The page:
How They Met: 9/11 shaped the love story of the couple behind ‘Come From Away’
Irene Sankoff and David Hein were married shortly after 9/11
Come From Away, the musical about the town of Gander, N.L., that temporarily doubled its population in the wake of 9/11 when planes were redirected there, is the broadway hit of the year, snapping up seven Tony Award nominations. We chatted with the play’s creators, Torontonians David Hein and Irene Sankoff, ahead of the Tony Awards on June 11, about how the events of 9/11 shaped their love story.
How they met
We met on the first day of frosh week (which is as crazy as it sounds) at York University. It was a welcome barbecue (David thinks it was a pancake breakfast, but he’s wrong). What we can agree on was that we liked each other from the start, but we were dating other people.
The first date
We had been friends for about two years, and at one point, David said to me, “Can I take you out sometime?” I was shocked. I confessed I liked him for a long time and he said, “I’ve liked you for a long, long time,” and that was it. We had our first date at Pizzadelic near Yonge and Bloor in the late ’90s. It was late winter, early spring, because it was still cold, but the days were getting longer. We jumped into a photo booth at one point, and we still have those pictures somewhere.
We were at a pancake place, and I said to David (who is an American citizen and I’m Canadian), “You want to come to New York with me when I go to grad school, so, I have a business proposition for you. Let’s get married so I can get my citizenship.” I know, romantic. He nearly passed out. He said he wanted to do a real, romantic proposal, so a little while later, I came home to candles and rose petals strewn everywhere. Except he needed more time to set everything up, and he wouldn’t let me in. He asked me to come back in five minutes. Romantic.
We were living in New York. It was about a month after Sept. 11, and we were already planning our wedding a year later, when David said to me, “What are we waiting for?” We were part of the post-9/11 seize-the-day mentality that a lot of New Yorkers had during that time. We got legally married at city hall in New York City in October 2001. It was a beautiful, small wedding with David’s cousin as our witness.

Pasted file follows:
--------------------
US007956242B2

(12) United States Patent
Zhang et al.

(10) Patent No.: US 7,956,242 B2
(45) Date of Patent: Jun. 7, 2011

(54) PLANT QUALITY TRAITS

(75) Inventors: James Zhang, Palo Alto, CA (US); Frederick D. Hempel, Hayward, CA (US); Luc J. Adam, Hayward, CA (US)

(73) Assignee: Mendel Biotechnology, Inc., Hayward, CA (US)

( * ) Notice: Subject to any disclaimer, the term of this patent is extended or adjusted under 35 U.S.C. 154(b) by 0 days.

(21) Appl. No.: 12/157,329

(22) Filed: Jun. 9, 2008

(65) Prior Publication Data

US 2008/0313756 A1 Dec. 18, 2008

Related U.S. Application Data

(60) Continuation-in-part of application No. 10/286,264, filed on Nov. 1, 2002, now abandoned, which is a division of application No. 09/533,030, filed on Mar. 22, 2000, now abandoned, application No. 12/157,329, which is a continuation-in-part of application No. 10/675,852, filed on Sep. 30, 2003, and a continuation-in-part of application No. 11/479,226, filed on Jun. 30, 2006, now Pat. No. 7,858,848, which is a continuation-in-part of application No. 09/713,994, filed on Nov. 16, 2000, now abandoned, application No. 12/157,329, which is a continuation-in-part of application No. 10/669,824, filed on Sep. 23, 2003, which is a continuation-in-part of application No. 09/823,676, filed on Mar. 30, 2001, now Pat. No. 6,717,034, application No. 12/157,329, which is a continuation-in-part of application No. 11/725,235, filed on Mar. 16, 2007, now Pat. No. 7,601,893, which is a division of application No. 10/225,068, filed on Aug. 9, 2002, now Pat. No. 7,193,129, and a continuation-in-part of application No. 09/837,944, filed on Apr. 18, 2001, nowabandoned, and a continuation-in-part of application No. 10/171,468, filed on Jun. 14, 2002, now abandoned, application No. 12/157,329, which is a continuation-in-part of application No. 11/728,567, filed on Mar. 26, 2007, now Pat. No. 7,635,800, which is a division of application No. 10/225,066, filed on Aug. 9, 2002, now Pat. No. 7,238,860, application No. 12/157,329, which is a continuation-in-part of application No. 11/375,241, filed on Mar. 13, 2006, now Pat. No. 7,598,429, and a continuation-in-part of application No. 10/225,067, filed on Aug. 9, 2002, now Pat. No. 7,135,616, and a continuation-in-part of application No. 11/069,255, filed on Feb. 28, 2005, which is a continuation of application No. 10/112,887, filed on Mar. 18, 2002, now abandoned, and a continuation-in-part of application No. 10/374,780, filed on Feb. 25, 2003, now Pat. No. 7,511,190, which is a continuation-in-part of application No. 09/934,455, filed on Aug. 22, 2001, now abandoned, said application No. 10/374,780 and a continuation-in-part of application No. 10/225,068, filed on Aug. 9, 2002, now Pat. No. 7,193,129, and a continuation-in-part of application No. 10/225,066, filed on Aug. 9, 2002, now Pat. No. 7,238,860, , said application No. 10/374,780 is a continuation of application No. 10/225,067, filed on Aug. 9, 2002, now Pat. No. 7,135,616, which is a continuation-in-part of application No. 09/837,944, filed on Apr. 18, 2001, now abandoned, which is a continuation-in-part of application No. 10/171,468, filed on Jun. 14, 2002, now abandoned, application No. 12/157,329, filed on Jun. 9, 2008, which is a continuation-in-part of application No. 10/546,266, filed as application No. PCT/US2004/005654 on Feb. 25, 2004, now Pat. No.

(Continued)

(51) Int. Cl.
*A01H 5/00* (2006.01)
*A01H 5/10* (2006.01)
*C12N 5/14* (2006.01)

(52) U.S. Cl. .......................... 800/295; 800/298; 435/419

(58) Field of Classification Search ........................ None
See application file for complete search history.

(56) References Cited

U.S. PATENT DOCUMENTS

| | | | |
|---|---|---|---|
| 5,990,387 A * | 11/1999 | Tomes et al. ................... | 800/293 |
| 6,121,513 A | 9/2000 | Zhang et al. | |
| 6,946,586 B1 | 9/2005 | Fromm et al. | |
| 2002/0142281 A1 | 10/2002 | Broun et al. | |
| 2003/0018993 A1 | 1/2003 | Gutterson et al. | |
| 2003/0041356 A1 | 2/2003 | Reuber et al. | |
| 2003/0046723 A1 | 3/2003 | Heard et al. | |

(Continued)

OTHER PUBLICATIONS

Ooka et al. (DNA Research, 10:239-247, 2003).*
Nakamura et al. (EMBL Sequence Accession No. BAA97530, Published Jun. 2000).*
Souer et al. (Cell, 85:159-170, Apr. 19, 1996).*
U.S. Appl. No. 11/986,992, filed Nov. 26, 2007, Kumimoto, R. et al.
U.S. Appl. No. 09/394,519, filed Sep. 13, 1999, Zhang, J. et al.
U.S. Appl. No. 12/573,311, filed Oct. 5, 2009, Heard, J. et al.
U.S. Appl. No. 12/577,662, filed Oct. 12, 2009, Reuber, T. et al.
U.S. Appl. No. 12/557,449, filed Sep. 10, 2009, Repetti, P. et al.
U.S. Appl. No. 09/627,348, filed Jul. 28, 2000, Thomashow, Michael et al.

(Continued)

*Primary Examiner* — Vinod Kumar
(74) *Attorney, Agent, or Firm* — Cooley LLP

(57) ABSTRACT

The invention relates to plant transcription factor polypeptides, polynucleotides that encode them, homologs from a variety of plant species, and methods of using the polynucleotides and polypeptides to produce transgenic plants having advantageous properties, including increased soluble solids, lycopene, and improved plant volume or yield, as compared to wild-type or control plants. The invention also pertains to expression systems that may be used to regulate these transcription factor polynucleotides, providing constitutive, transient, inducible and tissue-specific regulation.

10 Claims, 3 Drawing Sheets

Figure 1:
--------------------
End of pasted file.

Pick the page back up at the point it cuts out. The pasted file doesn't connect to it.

We didn’t tell almost anyone at all that we had gotten married, so it was both romantic and in some ways really, really sensible because it was this sacred thing that was just about us, not anyone else’s expectations or beliefs. I think it’s a part of what gave us such a solid foundation.
After, we went with David’s cousin to retrace the path she had taken to escape the World Trade Center a month earlier. None of us really thought about how we hadn’t been downtown in a month. I think we were all, honestly, in some sort of stage of shock. In many ways, that day reminds us of Come From Away — this celebration of love in the shadow of this horrible event.
A year later we had our previously planned wedding with family and friends back at Heintzman House outside Toronto. Then we took a wonderful trip to Rome, Venice, Florence and Lago Maggiore.
Molly is almost four and has two cat siblings, Elphaba Pretzel, 9, and Gambo Jetpack, 6. Molly has also grown up next to Come From Away, so some days it feels like she and the show are siblings. We always say it takes a village to raise a child, and it takes an even bigger village to raise a musical while raising a child, and Molly’s been raised by our Come From Away team, the best community we could ask for.
We started writing together because, between day jobs and night jobs, we never saw each other. And now we’re together 24/7. It’s tricky to find the line between work and life, so we have rules: we don’t talk about our shows when we’re tired, angry, hungry or in the morning for me (I’m not a morning person).
Come From Away will return to Toronto in February 2018 at the Royal Alexandra Theatre.